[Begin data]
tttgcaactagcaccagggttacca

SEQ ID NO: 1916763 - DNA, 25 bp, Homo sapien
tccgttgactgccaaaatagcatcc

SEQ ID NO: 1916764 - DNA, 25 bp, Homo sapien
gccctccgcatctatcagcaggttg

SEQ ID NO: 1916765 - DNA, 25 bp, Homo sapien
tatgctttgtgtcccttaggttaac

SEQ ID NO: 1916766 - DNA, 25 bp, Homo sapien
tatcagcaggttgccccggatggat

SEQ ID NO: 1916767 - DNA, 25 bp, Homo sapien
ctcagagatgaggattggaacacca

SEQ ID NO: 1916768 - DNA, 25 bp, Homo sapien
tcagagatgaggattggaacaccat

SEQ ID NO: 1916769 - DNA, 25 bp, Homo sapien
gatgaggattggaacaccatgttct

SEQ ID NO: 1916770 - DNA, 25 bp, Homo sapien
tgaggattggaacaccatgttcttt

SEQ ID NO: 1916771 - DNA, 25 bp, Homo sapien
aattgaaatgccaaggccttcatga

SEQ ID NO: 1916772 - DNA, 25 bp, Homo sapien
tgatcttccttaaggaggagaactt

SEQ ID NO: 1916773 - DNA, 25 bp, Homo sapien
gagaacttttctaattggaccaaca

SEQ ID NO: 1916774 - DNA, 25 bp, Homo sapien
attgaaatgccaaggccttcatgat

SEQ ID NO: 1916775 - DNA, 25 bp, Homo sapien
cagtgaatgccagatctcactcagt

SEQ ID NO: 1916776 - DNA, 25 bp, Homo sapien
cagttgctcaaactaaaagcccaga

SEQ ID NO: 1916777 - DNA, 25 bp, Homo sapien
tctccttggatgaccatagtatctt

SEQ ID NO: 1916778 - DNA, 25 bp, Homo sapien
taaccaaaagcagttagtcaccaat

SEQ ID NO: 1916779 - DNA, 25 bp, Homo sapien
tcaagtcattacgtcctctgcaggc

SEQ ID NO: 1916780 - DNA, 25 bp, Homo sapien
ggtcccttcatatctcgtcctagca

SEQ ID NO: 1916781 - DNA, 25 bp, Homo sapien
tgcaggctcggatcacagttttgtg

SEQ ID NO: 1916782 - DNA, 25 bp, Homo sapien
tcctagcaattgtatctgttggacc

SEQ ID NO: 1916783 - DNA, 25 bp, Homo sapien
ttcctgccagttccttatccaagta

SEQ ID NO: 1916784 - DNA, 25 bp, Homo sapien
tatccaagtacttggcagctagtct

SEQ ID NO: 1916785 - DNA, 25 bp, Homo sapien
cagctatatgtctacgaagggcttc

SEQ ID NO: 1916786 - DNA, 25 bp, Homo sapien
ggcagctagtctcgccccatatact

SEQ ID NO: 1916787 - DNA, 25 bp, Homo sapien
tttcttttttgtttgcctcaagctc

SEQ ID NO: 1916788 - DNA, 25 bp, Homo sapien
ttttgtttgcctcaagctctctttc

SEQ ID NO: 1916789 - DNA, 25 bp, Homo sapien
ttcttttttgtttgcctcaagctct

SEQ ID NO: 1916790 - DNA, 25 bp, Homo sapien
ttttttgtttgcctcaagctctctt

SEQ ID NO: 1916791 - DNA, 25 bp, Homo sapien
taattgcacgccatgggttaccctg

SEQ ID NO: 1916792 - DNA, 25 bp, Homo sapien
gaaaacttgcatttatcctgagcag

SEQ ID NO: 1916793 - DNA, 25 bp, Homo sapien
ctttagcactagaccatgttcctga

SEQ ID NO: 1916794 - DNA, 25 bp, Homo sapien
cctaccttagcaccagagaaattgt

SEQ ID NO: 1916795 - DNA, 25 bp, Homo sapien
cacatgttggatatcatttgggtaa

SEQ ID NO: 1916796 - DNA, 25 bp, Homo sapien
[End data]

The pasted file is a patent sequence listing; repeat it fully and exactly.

tttgcaactagcaccagggttacca

SEQ ID NO: 1916763 - DNA, 25 bp, Homo sapien
tccgttgactgccaaaatagcatcc

SEQ ID NO: 1916764 - DNA, 25 bp, Homo sapien
gccctccgcatctatcagcaggttg

SEQ ID NO: 1916765 - DNA, 25 bp, Homo sapien
tatgctttgtgtcccttaggttaac

SEQ ID NO: 1916766 - DNA, 25 bp, Homo sapien
tatcagcaggttgccccggatggat

SEQ ID NO: 1916767 - DNA, 25 bp, Homo sapien
ctcagagatgaggattggaacacca

SEQ ID NO: 1916768 - DNA, 25 bp, Homo sapien
tcagagatgaggattggaacaccat

SEQ ID NO: 1916769 - DNA, 25 bp, Homo sapien
gatgaggattggaacaccatgttct

SEQ ID NO: 1916770 - DNA, 25 bp, Homo sapien
tgaggattggaacaccatgttcttt

SEQ ID NO: 1916771 - DNA, 25 bp, Homo sapien
aattgaaatgccaaggccttcatga

SEQ ID NO: 1916772 - DNA, 25 bp, Homo sapien
tgatcttccttaaggaggagaactt

SEQ ID NO: 1916773 - DNA, 25 bp, Homo sapien
gagaacttttctaattggaccaaca

SEQ ID NO: 1916774 - DNA, 25 bp, Homo sapien
attgaaatgccaaggccttcatgat

SEQ ID NO: 1916775 - DNA, 25 bp, Homo sapien
cagtgaatgccagatctcactcagt

SEQ ID NO: 1916776 - DNA, 25 bp, Homo sapien
cagttgctcaaactaaaagcccaga

SEQ ID NO: 1916777 - DNA, 25 bp, Homo sapien
tctccttggatgaccatagtatctt

SEQ ID NO: 1916778 - DNA, 25 bp, Homo sapien
taaccaaaagcagttagtcaccaat

SEQ ID NO: 1916779 - DNA, 25 bp, Homo sapien
tcaagtcattacgtcctctgcaggc

SEQ ID NO: 1916780 - DNA, 25 bp, Homo sapien
ggtcccttcatatctcgtcctagca

SEQ ID NO: 1916781 - DNA, 25 bp, Homo sapien
tgcaggctcggatcacagttttgtg

SEQ ID NO: 1916782 - DNA, 25 bp, Homo sapien
tcctagcaattgtatctgttggacc

SEQ ID NO: 1916783 - DNA, 25 bp, Homo sapien
ttcctgccagttccttatccaagta

SEQ ID NO: 1916784 - DNA, 25 bp, Homo sapien
tatccaagtacttggcagctagtct

SEQ ID NO: 1916785 - DNA, 25 bp, Homo sapien
cagctatatgtctacgaagggcttc

SEQ ID NO: 1916786 - DNA, 25 bp, Homo sapien
ggcagctagtctcgccccatatact

SEQ ID NO: 1916787 - DNA, 25 bp, Homo sapien
tttcttttttgtttgcctcaagctc

SEQ ID NO: 1916788 - DNA, 25 bp, Homo sapien
ttttgtttgcctcaagctctctttc

SEQ ID NO: 1916789 - DNA, 25 bp, Homo sapien
ttcttttttgtttgcctcaagctct

SEQ ID NO: 1916790 - DNA, 25 bp, Homo sapien
ttttttgtttgcctcaagctctctt

SEQ ID NO: 1916791 - DNA, 25 bp, Homo sapien
taattgcacgccatgggttaccctg

SEQ ID NO: 1916792 - DNA, 25 bp, Homo sapien
gaaaacttgcatttatcctgagcag

SEQ ID NO: 1916793 - DNA, 25 bp, Homo sapien
ctttagcactagaccatgttcctga

SEQ ID NO: 1916794 - DNA, 25 bp, Homo sapien
cctaccttagcaccagagaaattgt

SEQ ID NO: 1916795 - DNA, 25 bp, Homo sapien
cacatgttggatatcatttgggtaa

SEQ ID NO: 1916796 - DNA, 25 bp, Homo sapien